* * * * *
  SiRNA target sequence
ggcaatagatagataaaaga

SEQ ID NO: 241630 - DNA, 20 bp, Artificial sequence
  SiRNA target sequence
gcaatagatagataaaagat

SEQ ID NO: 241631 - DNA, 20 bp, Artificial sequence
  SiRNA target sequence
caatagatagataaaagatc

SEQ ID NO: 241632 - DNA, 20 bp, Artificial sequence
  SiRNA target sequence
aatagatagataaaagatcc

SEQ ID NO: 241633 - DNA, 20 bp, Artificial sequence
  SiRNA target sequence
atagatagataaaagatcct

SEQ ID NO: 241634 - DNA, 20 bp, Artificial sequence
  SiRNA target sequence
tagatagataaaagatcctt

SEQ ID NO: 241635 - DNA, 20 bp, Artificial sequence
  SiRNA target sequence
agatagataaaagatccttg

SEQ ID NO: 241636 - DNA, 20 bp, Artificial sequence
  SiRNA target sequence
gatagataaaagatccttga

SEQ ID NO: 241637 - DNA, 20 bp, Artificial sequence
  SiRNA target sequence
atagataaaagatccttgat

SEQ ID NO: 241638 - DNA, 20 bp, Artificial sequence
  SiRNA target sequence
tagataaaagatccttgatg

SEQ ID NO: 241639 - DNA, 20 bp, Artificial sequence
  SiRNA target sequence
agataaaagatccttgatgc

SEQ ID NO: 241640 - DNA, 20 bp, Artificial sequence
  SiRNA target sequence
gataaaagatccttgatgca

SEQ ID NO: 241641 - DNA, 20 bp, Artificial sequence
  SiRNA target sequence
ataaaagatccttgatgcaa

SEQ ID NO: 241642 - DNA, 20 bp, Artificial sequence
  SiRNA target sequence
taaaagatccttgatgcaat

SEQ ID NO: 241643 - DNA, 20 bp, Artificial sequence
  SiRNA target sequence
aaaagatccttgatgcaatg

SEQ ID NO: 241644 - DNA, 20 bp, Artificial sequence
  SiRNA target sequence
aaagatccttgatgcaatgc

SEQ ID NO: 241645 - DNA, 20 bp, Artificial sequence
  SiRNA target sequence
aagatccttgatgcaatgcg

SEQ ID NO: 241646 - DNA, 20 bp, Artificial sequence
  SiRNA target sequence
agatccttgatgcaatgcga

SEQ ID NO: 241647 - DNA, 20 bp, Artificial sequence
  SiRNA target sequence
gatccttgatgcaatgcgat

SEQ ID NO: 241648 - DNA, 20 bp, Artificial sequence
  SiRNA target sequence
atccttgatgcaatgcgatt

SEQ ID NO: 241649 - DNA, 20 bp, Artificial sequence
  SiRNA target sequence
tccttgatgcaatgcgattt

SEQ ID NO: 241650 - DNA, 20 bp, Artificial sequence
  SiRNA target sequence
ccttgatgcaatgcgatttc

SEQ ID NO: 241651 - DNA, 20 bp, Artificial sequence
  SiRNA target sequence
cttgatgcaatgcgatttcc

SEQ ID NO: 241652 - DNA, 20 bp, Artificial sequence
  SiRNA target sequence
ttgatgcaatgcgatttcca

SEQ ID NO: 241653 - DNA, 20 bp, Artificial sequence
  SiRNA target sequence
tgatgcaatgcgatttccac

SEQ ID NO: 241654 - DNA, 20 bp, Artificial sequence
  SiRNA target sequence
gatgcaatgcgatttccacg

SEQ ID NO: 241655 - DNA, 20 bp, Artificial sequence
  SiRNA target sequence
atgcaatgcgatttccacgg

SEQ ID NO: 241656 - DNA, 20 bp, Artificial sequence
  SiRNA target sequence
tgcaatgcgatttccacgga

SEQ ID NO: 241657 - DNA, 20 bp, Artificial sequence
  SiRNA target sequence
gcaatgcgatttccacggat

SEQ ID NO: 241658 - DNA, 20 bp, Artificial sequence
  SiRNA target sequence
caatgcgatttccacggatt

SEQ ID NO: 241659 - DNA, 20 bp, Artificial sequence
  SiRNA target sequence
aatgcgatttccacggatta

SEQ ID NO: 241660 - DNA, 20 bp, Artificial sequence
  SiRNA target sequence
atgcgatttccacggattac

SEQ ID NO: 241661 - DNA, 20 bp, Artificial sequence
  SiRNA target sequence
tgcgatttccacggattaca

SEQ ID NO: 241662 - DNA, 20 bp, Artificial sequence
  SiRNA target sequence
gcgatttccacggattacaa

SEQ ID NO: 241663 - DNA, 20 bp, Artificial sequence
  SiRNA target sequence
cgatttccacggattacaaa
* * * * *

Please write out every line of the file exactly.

  SiRNA target sequence
ggcaatagatagataaaaga

SEQ ID NO: 241630 - DNA, 20 bp, Artificial sequence
  SiRNA target sequence
gcaatagatagataaaagat

SEQ ID NO: 241631 - DNA, 20 bp, Artificial sequence
  SiRNA target sequence
caatagatagataaaagatc

SEQ ID NO: 241632 - DNA, 20 bp, Artificial sequence
  SiRNA target sequence
aatagatagataaaagatcc

SEQ ID NO: 241633 - DNA, 20 bp, Artificial sequence
  SiRNA target sequence
atagatagataaaagatcct

SEQ ID NO: 241634 - DNA, 20 bp, Artificial sequence
  SiRNA target sequence
tagatagataaaagatcctt

SEQ ID NO: 241635 - DNA, 20 bp, Artificial sequence
  SiRNA target sequence
agatagataaaagatccttg

SEQ ID NO: 241636 - DNA, 20 bp, Artificial sequence
  SiRNA target sequence
gatagataaaagatccttga

SEQ ID NO: 241637 - DNA, 20 bp, Artificial sequence
  SiRNA target sequence
atagataaaagatccttgat

SEQ ID NO: 241638 - DNA, 20 bp, Artificial sequence
  SiRNA target sequence
tagataaaagatccttgatg

SEQ ID NO: 241639 - DNA, 20 bp, Artificial sequence
  SiRNA target sequence
agataaaagatccttgatgc

SEQ ID NO: 241640 - DNA, 20 bp, Artificial sequence
  SiRNA target sequence
gataaaagatccttgatgca

SEQ ID NO: 241641 - DNA, 20 bp, Artificial sequence
  SiRNA target sequence
ataaaagatccttgatgcaa

SEQ ID NO: 241642 - DNA, 20 bp, Artificial sequence
  SiRNA target sequence
taaaagatccttgatgcaat

SEQ ID NO: 241643 - DNA, 20 bp, Artificial sequence
  SiRNA target sequence
aaaagatccttgatgcaatg

SEQ ID NO: 241644 - DNA, 20 bp, Artificial sequence
  SiRNA target sequence
aaagatccttgatgcaatgc

SEQ ID NO: 241645 - DNA, 20 bp, Artificial sequence
  SiRNA target sequence
aagatccttgatgcaatgcg

SEQ ID NO: 241646 - DNA, 20 bp, Artificial sequence
  SiRNA target sequence
agatccttgatgcaatgcga

SEQ ID NO: 241647 - DNA, 20 bp, Artificial sequence
  SiRNA target sequence
gatccttgatgcaatgcgat

SEQ ID NO: 241648 - DNA, 20 bp, Artificial sequence
  SiRNA target sequence
atccttgatgcaatgcgatt

SEQ ID NO: 241649 - DNA, 20 bp, Artificial sequence
  SiRNA target sequence
tccttgatgcaatgcgattt

SEQ ID NO: 241650 - DNA, 20 bp, Artificial sequence
  SiRNA target sequence
ccttgatgcaatgcgatttc

SEQ ID NO: 241651 - DNA, 20 bp, Artificial sequence
  SiRNA target sequence
cttgatgcaatgcgatttcc

SEQ ID NO: 241652 - DNA, 20 bp, Artificial sequence
  SiRNA target sequence
ttgatgcaatgcgatttcca

SEQ ID NO: 241653 - DNA, 20 bp, Artificial sequence
  SiRNA target sequence
tgatgcaatgcgatttccac

SEQ ID NO: 241654 - DNA, 20 bp, Artificial sequence
  SiRNA target sequence
gatgcaatgcgatttccacg

SEQ ID NO: 241655 - DNA, 20 bp, Artificial sequence
  SiRNA target sequence
atgcaatgcgatttccacgg

SEQ ID NO: 241656 - DNA, 20 bp, Artificial sequence
  SiRNA target sequence
tgcaatgcgatttccacgga

SEQ ID NO: 241657 - DNA, 20 bp, Artificial sequence
  SiRNA target sequence
gcaatgcgatttccacggat

SEQ ID NO: 241658 - DNA, 20 bp, Artificial sequence
  SiRNA target sequence
caatgcgatttccacggatt

SEQ ID NO: 241659 - DNA, 20 bp, Artificial sequence
  SiRNA target sequence
aatgcgatttccacggatta

SEQ ID NO: 241660 - DNA, 20 bp, Artificial sequence
  SiRNA target sequence
atgcgatttccacggattac

SEQ ID NO: 241661 - DNA, 20 bp, Artificial sequence
  SiRNA target sequence
tgcgatttccacggattaca

SEQ ID NO: 241662 - DNA, 20 bp, Artificial sequence
  SiRNA target sequence
gcgatttccacggattacaa

SEQ ID NO: 241663 - DNA, 20 bp, Artificial sequence
  SiRNA target sequence
cgatttccacggattacaaa